However, not to take away from Nolan’s successful cinematographic portrayal of Oppenheimer’s great scientific achievements, the film did not capture the years of pain and suffering that the nuclear weapon’s detonation at the Trinity site in New Mexico brought upon the local Native American and Hispanic population living in the surrounding areas. They are known as “downwinders”—the people living in the fallout zones of the nuclear test. They were given no warning about the nuclear test, and many suffered severe health consequences from the emitted radiation for the rest of their lives. The Tularosa Basin Downwinders Consortium, TBDC, was established by the descendants and relatives of those who lived in the surrounding areas of the testing sites. Their mission is to bring justice, knowledge and compensation to the victims of the Trinity test. To this day, they cannot claim financial compensation from the United States government for their suffering. One of the downwinders, Paul Pino, lost many members of his family to cancer because of the Trinity test. They succumbed: his brother to stomach cancer, his sister to thyroid cancer, and his mother to bone cancer. Tina Cordova, who founded TBDC, tried to get in touch with Nolan’s team so they could acknowledge the “downwinders” suffering in the film. The filmmakers were not interested in meeting them.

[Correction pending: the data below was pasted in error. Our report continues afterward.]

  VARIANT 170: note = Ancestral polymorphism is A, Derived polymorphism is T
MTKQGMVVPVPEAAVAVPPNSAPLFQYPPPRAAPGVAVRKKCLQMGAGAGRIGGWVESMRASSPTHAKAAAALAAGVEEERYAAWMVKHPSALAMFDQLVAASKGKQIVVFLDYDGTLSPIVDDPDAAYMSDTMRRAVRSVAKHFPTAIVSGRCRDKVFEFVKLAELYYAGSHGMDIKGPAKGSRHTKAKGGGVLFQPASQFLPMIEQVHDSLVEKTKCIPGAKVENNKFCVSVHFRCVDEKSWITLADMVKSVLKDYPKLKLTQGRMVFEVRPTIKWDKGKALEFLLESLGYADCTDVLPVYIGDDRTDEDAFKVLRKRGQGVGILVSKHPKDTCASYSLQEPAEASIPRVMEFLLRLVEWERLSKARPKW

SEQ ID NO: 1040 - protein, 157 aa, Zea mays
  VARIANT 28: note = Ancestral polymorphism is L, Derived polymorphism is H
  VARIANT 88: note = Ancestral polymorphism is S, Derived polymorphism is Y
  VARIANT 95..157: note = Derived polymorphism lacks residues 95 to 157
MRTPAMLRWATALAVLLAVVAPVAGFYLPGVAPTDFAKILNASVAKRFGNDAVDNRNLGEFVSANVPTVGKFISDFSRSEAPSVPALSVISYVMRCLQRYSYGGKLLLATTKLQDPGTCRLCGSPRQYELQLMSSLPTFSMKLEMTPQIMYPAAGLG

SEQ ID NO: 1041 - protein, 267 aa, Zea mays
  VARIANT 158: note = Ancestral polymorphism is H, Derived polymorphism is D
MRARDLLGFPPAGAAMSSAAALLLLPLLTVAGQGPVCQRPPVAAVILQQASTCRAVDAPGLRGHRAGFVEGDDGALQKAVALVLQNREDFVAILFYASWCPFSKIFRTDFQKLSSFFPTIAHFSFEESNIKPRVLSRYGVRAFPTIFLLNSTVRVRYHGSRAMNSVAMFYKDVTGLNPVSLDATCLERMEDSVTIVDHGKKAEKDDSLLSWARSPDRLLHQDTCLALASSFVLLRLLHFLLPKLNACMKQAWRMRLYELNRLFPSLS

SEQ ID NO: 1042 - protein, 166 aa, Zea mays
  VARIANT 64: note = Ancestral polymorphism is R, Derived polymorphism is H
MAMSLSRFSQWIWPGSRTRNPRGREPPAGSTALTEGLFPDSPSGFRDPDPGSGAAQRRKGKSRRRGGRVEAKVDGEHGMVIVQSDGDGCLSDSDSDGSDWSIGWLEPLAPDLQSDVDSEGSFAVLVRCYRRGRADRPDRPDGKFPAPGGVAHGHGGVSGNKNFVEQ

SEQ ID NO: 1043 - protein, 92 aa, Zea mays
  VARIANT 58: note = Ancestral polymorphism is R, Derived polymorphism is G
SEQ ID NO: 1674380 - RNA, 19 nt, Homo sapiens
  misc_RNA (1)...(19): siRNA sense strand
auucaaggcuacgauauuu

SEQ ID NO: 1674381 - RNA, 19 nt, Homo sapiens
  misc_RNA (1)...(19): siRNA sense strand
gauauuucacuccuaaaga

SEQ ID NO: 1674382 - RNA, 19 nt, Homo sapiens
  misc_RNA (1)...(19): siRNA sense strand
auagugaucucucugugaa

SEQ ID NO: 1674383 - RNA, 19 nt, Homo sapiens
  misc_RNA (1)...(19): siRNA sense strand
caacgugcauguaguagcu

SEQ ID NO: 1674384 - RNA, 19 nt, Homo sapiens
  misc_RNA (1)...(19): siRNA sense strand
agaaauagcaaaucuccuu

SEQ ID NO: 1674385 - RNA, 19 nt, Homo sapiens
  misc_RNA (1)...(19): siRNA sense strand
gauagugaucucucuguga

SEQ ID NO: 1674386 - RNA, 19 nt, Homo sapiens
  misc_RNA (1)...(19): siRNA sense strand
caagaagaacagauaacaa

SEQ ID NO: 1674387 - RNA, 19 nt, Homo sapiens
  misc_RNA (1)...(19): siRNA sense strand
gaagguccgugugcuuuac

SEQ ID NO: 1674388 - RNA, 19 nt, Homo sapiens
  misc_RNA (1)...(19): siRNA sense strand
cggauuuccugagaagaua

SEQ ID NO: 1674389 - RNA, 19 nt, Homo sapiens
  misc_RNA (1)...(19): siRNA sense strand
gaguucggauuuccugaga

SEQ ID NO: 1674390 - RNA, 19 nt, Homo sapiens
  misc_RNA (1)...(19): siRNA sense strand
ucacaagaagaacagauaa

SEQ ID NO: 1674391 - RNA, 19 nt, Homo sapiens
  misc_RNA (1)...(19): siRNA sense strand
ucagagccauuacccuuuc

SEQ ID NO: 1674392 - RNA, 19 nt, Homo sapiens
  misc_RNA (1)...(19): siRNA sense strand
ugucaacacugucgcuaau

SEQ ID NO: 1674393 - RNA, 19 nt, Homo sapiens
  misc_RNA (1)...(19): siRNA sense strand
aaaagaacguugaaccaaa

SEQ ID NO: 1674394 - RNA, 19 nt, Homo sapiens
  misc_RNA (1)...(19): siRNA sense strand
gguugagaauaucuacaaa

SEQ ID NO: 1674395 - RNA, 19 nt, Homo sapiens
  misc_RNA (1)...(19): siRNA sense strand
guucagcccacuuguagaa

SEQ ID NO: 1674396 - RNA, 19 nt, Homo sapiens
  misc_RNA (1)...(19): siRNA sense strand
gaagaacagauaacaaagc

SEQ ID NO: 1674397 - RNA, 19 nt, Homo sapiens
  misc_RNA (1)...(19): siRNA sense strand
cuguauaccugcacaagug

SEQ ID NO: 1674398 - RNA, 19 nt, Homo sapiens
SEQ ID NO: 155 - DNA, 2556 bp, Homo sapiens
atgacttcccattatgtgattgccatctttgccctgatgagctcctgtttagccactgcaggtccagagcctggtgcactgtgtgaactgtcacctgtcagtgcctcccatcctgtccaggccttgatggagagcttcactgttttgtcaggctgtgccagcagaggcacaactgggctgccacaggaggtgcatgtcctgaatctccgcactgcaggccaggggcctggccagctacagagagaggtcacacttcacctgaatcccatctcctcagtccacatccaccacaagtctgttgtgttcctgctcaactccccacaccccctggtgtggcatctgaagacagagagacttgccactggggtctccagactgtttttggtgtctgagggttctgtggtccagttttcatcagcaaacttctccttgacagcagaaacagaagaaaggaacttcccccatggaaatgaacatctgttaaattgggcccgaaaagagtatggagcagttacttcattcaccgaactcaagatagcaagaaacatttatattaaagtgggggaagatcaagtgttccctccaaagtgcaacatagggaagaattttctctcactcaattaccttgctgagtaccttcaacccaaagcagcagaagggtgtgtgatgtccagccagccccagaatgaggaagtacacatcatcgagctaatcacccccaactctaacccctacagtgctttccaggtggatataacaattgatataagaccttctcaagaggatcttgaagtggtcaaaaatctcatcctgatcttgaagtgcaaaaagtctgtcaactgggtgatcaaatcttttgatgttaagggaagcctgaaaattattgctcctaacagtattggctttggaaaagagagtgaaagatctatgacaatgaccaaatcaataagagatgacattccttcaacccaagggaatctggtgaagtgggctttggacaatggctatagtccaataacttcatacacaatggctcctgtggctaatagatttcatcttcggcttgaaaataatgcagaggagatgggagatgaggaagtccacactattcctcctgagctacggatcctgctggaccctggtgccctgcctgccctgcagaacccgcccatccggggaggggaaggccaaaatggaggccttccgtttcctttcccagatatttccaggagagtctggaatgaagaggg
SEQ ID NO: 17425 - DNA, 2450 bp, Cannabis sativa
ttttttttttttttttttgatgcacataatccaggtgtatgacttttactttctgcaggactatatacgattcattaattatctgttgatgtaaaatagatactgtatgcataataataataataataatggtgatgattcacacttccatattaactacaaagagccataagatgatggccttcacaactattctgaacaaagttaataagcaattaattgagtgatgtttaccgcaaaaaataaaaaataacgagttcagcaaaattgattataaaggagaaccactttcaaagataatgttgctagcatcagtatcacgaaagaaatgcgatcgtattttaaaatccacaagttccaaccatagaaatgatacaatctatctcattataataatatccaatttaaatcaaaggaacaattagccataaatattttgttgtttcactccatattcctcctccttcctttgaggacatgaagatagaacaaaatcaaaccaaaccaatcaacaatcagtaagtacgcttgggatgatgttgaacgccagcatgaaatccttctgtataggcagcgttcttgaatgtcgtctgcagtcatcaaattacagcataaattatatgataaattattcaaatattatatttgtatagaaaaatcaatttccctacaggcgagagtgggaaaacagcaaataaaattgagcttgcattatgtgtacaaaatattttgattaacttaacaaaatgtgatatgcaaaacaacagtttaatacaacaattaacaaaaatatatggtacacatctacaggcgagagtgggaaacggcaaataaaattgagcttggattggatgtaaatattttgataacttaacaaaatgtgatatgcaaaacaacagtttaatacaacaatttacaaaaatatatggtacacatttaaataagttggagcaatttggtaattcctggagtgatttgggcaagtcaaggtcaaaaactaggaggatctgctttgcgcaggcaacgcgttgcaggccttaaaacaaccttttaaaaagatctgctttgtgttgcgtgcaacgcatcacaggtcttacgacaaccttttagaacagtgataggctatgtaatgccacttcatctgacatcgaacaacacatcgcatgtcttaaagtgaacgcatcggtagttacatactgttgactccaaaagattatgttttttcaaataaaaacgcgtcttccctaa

J. Robert Oppenheimer and General Leslie Groves at the ground zero site of the Trinity test (Image Credit: United States Army Signal Corps | Wikimedia Commons | US Public Domain)

Threats and jokes, but what next?

One can argue that nuclear weapons play the role of deterrence. If I have nuclear weapons and you have nuclear weapons should we really engage in conventional warfare? Emmanuel Macron stated just a month before Russia’s full-scale invasion of Ukraine in February 2022: “We believe French nuclear deterrence is a way to protect European interests”. For the EU nations bordering Russia who are nervously following the developments in Ukraine, such a security guarantee should only be good news. But relying on an arsenal of nuclear weapons is nothing but a double-edged sword. Even in a world where nukes have the goal of deterrence, not destruction, who is to say that one man’s egocentrism won’t destroy the entire planet? As history is written, we cannot say that the political leaders of tomorrow will be as cool-headed and rational regarding nuclear weapons as today. As was the case of Nazi Germany, many autocracies were previously democracies. Should we truly leave weapons of mass destruction in the hands of the unknown future?

Are nuclear weapons really a topic political leaders should treat as a joke?

By Anna Fomina and Joosep Raudsepp

March 19, 2024